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The Whitney theorem is qualitative, but its quantitative reformulation is of interest for applications. More specifically, given all (or just a part) of Whitney data, one can look for the smooth extension with effective estimate of the $C^m$-norm. In such quantitative setting the problem is interesting and highly nontrivial even for the problem of extension of functions from finite point set.
 
The Whitney theorem is qualitative, but its quantitative reformulation is of interest for applications. More specifically, given all (or just a part) of Whitney data, one can look for the smooth extension with effective estimate of the $C^m$-norm. In such quantitative setting the problem is interesting and highly nontrivial even for the problem of extension of functions from finite point set.
  
The phenomenon can be roughly described as follows: given a finite subset $K\Subset\R^n$ and a function $f^0:K\to\R$ (finite collection of values), one looks for a $C^m$-smooth function $f:\R^n\to\R$ with the explicitly controlled $C^m$-norm, which would interpolate $f^0$, i.e., $f|_K=f^0$. It turns out that there always exists a finite number $N=N(n,m)$, depending only on $n,m$, such that the the norm of the extension $\|f\|_{C^m}$ is sufficient to verify only for extensions from all $N$-point subsets of $K$. For instance, $N(2,2)=6$, and all obstructions to "economic" $C^m$-smooth extension of $f^0$ appear already for 6-point subsets. See {{Cite|BS}}, {{Cite|F}} and references therein for further information.
+
The phenomenon can be roughly described as follows: given a finite subset $K\Subset\R^n$ and a function $f^0:K\to\R$ (finite collection of values), one looks for a $C^m$-smooth function $f:\R^n\to\R$ with the explicitly controlled $C^m$-norm, which would interpolate $f^0$, i.e., $f|_K=f^0$. It turns out that there always exists a finite number $N=N(n,m)$, depending only on $n,m$, such that the norm of the extension $\|f\|_{C^m}$ is sufficient to verify only for extensions from all $N$-point subsets of $K$. For instance, $N(2,2)=6$, and all obstructions to "economic" $C^m$-smooth extension of $f^0$ appear already for 6-point subsets. See {{Cite|BS}}, {{Cite|F}} and references therein for further information.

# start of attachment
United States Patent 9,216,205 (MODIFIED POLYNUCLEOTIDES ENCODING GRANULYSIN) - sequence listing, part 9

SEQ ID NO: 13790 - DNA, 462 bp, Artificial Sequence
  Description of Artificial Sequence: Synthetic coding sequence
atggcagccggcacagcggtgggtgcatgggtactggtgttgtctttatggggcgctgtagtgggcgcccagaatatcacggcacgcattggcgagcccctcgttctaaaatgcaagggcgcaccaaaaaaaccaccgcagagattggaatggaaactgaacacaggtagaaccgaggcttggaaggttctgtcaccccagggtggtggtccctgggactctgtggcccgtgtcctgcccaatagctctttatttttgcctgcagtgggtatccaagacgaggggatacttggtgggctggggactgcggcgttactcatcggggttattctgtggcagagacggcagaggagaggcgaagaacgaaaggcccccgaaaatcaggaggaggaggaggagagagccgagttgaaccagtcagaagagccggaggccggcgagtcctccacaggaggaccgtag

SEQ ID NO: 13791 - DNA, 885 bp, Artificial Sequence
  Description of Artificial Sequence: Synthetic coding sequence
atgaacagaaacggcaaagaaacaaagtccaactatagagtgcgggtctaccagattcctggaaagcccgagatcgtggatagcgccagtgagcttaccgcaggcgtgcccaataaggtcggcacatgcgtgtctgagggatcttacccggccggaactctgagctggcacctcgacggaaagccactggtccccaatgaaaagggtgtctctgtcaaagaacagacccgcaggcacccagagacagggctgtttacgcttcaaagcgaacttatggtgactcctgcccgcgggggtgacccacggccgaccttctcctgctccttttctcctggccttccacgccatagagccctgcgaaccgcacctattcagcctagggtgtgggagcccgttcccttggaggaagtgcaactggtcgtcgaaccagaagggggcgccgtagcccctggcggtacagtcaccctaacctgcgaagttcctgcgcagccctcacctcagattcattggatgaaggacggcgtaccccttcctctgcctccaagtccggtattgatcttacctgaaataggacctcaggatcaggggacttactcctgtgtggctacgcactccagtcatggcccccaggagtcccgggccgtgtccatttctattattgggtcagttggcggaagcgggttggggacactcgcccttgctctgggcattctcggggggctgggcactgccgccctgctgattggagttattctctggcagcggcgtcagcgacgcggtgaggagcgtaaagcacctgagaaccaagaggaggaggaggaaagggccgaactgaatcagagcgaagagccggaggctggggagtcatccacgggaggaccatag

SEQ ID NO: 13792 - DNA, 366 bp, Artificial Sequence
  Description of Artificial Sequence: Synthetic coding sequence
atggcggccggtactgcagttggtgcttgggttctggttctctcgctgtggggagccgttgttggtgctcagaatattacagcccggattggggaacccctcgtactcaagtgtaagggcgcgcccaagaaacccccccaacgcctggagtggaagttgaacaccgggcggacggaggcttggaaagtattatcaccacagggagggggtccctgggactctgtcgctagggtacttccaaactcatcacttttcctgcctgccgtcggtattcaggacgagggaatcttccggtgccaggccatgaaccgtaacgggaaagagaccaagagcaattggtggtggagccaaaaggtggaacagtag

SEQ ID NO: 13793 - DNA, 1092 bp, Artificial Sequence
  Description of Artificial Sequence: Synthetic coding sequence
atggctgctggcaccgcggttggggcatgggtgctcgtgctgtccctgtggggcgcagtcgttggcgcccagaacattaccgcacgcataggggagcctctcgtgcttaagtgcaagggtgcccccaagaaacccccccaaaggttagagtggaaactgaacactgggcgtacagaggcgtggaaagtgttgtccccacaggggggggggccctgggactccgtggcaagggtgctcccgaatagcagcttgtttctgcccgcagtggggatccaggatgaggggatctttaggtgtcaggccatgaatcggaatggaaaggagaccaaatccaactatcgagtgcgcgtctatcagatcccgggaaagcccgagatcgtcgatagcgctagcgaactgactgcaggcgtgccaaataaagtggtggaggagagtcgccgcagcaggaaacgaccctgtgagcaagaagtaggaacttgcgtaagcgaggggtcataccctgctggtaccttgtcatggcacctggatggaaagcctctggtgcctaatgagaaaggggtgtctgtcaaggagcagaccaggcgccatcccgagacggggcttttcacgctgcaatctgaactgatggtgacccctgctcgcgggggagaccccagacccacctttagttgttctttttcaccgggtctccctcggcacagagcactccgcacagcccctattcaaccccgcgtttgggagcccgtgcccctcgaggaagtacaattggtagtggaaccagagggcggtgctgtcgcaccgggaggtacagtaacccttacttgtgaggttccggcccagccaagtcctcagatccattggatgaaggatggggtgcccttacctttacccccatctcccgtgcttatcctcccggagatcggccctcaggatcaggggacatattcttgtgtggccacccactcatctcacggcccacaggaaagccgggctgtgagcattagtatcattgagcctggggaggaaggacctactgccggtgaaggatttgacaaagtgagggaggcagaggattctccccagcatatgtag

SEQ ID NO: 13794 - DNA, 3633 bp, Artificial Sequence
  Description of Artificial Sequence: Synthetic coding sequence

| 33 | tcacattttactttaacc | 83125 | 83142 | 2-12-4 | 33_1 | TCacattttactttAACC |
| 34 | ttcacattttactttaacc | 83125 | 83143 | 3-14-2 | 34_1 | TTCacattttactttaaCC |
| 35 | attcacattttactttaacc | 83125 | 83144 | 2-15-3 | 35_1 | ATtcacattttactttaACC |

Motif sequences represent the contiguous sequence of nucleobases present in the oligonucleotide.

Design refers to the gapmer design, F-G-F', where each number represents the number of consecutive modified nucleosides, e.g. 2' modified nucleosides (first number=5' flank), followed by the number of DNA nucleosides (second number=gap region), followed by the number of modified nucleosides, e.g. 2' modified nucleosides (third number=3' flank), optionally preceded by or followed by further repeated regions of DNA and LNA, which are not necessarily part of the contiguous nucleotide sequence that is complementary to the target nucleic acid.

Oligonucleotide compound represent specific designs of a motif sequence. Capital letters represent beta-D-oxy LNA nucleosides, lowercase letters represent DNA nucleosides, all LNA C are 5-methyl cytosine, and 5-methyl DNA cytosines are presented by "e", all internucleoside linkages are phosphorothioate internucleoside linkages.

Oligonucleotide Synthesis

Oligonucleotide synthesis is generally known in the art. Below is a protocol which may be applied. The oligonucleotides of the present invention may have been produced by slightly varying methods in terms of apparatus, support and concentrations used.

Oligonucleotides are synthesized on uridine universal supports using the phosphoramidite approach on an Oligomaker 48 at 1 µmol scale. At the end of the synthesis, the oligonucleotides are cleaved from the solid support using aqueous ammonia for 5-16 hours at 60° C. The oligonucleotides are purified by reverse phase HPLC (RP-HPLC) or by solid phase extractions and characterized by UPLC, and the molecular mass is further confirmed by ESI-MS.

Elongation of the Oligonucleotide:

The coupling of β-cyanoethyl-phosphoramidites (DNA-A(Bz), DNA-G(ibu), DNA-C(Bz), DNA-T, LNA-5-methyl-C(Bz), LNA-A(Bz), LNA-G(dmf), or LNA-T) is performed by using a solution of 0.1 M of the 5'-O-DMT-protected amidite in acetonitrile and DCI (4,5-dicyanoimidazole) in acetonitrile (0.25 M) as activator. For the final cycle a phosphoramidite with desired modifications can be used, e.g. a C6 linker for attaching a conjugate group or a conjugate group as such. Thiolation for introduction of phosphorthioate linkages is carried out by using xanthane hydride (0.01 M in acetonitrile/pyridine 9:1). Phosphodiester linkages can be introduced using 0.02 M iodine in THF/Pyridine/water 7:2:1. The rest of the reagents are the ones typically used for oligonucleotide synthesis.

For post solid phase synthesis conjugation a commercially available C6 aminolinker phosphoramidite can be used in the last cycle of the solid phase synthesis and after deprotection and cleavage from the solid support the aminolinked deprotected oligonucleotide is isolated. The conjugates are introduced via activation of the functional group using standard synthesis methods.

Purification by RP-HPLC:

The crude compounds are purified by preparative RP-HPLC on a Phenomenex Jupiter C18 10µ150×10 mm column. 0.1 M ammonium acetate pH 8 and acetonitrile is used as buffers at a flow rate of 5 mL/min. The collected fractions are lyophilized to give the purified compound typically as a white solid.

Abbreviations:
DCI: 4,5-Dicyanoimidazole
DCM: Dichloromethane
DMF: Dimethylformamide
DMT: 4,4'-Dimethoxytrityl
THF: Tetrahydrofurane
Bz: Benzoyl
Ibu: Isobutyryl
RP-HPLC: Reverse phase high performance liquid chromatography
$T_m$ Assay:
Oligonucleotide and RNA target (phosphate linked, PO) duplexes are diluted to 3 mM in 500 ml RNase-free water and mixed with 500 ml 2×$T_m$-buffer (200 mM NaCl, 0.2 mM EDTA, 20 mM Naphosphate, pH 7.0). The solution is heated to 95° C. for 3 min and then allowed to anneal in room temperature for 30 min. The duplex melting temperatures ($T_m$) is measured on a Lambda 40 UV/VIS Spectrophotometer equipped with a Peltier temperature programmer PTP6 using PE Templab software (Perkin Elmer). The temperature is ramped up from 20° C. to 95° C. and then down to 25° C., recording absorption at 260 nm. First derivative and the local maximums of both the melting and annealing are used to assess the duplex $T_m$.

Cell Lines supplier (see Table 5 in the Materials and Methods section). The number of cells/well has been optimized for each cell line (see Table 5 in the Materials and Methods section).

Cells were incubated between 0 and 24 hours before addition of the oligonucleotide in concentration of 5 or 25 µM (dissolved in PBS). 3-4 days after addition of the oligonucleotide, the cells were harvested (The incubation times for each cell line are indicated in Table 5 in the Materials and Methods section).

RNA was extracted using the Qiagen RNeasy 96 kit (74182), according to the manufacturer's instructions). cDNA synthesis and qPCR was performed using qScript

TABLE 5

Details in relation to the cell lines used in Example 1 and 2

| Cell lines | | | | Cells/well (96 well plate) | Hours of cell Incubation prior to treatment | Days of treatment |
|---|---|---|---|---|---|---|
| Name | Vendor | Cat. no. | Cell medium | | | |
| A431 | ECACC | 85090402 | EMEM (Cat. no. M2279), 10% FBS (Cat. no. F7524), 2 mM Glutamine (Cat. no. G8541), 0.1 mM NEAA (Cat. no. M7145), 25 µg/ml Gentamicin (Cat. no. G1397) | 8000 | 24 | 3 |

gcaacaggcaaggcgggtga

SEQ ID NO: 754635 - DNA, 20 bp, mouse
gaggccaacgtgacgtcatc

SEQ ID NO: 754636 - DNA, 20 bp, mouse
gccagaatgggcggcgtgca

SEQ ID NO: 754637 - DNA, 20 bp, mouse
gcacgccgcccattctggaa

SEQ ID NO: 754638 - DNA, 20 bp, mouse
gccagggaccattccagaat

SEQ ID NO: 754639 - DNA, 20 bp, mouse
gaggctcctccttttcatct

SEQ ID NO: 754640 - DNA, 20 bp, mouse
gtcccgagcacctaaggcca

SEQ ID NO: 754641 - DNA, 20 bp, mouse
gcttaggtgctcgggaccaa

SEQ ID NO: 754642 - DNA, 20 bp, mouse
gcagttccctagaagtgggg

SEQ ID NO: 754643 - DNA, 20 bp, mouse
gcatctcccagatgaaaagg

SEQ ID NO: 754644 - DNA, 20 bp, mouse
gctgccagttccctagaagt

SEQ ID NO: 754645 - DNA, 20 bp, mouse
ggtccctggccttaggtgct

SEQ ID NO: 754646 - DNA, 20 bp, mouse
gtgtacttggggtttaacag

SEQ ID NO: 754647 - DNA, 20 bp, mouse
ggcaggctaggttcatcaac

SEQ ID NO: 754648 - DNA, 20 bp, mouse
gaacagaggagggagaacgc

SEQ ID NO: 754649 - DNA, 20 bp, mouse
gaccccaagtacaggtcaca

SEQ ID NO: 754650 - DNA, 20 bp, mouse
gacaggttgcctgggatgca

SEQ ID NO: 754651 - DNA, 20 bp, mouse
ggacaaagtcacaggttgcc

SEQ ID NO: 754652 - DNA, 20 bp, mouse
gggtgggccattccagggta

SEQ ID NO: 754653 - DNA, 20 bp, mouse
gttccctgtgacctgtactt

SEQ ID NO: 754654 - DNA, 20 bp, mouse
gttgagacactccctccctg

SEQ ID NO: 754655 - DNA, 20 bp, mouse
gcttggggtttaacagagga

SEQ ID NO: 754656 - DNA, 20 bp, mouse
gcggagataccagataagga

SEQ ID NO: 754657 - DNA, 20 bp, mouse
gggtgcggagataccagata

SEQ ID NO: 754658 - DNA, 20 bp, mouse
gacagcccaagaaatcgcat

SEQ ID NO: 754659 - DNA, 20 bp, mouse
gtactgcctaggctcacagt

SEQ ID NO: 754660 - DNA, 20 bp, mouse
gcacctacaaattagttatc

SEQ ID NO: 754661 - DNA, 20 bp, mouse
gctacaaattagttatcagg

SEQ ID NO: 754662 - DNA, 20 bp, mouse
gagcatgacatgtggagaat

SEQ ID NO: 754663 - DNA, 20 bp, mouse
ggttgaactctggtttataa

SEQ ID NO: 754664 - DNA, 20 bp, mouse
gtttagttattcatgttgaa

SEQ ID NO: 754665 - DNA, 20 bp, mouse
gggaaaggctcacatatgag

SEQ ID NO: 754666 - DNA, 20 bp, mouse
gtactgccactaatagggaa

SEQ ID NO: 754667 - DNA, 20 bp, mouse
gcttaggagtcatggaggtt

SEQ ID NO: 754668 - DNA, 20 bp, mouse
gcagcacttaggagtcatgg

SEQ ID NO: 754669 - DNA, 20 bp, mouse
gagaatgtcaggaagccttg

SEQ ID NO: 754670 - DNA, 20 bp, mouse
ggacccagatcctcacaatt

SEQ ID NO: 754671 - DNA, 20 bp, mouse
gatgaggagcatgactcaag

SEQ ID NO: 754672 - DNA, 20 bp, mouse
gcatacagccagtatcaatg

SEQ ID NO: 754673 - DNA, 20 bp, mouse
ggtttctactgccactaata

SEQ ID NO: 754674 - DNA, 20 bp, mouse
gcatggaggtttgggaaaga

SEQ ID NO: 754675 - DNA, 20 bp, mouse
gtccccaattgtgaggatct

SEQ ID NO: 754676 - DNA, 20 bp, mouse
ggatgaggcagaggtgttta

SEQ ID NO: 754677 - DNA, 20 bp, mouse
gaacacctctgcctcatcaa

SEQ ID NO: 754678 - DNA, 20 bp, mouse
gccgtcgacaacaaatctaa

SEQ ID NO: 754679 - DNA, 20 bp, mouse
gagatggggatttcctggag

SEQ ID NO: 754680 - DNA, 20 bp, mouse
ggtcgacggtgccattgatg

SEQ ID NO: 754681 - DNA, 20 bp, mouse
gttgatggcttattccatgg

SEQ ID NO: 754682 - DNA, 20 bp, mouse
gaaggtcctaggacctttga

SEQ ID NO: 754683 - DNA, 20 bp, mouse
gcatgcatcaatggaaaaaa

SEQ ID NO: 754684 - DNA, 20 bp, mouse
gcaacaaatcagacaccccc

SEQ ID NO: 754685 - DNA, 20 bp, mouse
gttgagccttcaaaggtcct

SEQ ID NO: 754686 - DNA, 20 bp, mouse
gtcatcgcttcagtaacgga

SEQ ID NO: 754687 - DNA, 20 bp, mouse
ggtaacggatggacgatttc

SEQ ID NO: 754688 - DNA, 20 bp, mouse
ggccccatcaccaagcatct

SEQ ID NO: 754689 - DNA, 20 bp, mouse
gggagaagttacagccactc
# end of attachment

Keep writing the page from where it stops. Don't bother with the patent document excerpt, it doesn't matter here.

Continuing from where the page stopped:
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Latest revision as of 12:24, 12 December 2020

2010 Mathematics Subject Classification: Primary: 26E10 [MSN][ZBL]$\def\a{\alpha} \def\b{\beta} \def\p{\partial}$

A deep theorem from the real analysis, showing which data are required to extent a real-valued function from a compact subset in $\R^n$ to its open neighborhood in a $C^m$-smooth or $C^\infty$-smooth way.

Jets and terminology

If $U$ is an open subset in $\R^n$ and $f:U\to\R$ is a smooth function, then one can define its partial derivatives to any order not exceeding the smoothness: in the multi-index notation the collection of all derivatives $$ f^{(\a)}=\p^\a f\in C^{m-|\a|}(U),\qquad 0\le |\a|\le m,\ f^{(0)}=f, $$ is called an $m$-jet of the function $f\in C^m(U)$.

The different derivatives are related by the obvious formulas $\p^\b f^{(\a)}=f^{(\a+\b)}$ as long as $|\a|+|\b|\le m$. This allows to compare them using the Taylor expansion. For each point $a\in U$ and each derivative $f^{(\a)}$ one can form the Taylor polynomial of order $r\le m-|\a|$ centered at $a$, $$ \Big(T_a^r f^{(\a)}\Big)(x)=\sum_{|\b|\le r}\frac1{\b!}\Big(\p^\b f^{(\alpha)}(a)\Big)\cdot(x-a)^{\b}= \sum_{|\b|\le r}\frac1{\b!}f^{(\a+\b)}(a)\cdot(x-a)^{\b}.\tag T $$ The difference between $f^{(\a)}(x)$ and the value provided by the Taylor polynomial $\Big(T_a^r f^{(\a)}\Big)(x)$ should be small together with $|x-a|$: $$ \Big|f^{(\a)}(x)-\Big(T_a^r f^{(\a)}\Big)(x)\Big|=o\Big(|x-a|^{r}\Big). $$ These asymptotic conditions are necessary for the functions $f^{(\a)}$ to be partial derivatives of a smooth function.